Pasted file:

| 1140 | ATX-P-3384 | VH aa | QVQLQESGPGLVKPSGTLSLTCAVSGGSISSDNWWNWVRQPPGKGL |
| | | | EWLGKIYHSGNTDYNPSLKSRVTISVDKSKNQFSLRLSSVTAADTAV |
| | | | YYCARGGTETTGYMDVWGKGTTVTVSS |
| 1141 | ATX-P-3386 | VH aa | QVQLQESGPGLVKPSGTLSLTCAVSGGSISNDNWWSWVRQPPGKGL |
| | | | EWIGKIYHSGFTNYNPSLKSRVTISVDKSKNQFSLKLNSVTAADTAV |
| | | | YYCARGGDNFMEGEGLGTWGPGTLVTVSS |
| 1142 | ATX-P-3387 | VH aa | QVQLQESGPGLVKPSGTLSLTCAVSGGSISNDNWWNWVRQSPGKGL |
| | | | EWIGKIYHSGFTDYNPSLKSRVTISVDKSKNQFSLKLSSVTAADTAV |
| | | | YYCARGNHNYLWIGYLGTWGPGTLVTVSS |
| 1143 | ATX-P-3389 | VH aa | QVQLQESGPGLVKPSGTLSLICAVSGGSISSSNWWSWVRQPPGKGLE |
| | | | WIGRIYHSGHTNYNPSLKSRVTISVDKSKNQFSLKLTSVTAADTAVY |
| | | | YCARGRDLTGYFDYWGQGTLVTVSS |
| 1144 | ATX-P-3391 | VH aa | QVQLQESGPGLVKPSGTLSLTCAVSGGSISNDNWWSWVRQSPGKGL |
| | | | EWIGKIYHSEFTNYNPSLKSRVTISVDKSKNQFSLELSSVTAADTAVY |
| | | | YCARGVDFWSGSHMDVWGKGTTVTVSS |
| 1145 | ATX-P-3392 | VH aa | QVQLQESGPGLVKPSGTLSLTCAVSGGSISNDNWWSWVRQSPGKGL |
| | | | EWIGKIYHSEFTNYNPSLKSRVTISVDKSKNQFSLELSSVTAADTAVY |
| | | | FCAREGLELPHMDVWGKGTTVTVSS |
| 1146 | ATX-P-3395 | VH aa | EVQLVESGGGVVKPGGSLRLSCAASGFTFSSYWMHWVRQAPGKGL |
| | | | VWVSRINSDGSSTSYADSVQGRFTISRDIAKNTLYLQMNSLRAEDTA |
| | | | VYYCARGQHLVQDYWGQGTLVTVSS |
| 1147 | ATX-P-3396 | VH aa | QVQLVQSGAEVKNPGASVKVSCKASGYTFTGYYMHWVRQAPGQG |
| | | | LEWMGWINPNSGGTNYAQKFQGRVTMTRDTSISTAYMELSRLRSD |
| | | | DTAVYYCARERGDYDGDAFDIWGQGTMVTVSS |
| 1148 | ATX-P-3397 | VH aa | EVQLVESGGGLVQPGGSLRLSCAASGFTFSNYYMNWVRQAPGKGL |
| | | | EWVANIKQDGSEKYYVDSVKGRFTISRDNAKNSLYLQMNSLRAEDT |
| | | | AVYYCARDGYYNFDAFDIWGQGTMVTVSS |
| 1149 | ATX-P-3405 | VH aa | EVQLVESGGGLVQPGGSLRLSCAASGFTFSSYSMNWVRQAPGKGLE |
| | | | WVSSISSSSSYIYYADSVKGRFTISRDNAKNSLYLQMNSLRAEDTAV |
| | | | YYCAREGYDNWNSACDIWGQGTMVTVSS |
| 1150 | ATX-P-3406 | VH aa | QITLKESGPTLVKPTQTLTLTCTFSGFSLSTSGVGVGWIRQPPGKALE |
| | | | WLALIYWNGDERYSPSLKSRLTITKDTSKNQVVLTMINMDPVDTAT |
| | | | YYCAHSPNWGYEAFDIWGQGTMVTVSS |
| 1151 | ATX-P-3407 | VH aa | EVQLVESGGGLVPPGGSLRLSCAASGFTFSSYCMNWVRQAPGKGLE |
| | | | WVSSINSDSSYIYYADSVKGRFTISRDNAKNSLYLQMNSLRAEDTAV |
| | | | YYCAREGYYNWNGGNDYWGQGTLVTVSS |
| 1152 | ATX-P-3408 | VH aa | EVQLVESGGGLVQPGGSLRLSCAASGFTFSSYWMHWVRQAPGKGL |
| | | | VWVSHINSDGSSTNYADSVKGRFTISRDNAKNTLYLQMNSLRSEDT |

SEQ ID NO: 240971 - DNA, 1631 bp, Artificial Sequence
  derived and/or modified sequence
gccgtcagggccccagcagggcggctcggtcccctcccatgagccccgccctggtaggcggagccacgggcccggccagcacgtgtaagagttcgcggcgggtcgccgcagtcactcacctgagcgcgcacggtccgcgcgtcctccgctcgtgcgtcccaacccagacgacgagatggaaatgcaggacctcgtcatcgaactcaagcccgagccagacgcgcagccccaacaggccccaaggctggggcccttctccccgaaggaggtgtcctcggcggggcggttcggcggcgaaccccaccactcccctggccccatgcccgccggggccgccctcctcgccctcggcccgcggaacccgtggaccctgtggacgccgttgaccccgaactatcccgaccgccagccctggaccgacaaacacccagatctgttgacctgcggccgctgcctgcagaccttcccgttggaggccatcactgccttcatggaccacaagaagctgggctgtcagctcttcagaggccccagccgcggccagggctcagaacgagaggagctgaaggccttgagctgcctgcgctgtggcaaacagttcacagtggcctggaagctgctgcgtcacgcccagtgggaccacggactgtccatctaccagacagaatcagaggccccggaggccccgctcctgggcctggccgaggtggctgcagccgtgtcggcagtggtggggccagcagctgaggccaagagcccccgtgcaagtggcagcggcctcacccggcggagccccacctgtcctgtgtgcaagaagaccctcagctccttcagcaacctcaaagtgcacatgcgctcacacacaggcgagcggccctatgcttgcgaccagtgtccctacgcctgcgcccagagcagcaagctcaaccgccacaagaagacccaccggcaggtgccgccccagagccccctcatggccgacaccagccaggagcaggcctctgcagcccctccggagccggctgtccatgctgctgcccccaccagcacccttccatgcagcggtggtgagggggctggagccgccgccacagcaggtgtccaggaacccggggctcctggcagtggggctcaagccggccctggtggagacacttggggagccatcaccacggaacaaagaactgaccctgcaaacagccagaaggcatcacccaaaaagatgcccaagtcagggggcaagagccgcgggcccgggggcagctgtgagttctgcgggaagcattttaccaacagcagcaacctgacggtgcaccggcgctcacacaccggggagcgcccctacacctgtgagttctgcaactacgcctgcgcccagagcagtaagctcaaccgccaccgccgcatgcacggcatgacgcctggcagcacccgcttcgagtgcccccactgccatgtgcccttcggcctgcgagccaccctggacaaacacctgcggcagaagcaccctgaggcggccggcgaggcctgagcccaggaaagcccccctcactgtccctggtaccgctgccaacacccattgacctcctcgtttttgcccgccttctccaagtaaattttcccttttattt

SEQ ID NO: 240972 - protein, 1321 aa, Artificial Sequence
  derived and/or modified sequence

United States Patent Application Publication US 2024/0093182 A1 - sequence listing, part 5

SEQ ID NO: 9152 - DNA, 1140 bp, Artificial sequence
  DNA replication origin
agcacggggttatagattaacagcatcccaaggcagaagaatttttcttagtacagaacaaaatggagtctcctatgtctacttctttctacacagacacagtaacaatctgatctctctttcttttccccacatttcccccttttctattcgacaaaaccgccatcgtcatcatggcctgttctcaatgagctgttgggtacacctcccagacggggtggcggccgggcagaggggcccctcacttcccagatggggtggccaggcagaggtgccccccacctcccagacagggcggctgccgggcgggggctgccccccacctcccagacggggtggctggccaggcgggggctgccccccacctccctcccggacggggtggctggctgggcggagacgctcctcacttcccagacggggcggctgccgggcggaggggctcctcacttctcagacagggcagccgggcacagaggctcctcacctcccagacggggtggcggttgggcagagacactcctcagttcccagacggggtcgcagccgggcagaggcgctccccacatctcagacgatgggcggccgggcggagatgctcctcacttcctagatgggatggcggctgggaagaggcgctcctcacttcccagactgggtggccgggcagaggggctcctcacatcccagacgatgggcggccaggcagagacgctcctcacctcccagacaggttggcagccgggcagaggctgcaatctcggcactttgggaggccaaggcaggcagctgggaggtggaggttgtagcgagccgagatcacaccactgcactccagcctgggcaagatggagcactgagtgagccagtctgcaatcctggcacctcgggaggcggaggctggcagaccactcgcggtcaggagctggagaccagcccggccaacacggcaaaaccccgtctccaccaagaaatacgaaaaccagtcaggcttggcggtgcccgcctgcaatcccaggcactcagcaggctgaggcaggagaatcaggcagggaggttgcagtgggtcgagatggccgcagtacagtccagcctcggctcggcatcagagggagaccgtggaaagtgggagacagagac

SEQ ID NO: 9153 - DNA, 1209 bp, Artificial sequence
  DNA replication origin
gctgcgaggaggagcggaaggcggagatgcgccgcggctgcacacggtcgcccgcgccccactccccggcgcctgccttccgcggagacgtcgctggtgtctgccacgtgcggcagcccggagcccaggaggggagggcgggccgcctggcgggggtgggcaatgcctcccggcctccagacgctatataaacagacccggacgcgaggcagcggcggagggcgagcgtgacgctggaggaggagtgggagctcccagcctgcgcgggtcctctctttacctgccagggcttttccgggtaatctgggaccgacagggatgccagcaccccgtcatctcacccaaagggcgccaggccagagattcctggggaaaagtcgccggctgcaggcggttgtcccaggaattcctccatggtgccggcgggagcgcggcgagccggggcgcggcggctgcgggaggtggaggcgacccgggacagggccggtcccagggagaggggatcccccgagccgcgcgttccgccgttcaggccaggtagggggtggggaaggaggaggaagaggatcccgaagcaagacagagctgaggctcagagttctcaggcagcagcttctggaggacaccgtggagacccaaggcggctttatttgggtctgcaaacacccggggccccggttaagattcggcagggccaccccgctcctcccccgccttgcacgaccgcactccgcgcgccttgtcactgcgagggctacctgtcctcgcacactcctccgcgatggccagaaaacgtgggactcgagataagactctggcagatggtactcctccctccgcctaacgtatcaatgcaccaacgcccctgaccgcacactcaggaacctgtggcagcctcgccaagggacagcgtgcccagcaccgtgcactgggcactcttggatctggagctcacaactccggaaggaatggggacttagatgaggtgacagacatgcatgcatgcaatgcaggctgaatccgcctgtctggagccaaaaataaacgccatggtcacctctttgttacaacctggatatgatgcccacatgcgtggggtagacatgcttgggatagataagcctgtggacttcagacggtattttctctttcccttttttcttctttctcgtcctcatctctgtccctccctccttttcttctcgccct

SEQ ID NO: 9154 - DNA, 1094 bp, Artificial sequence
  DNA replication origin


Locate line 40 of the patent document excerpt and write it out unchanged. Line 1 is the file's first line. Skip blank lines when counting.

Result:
  derived and/or modified sequence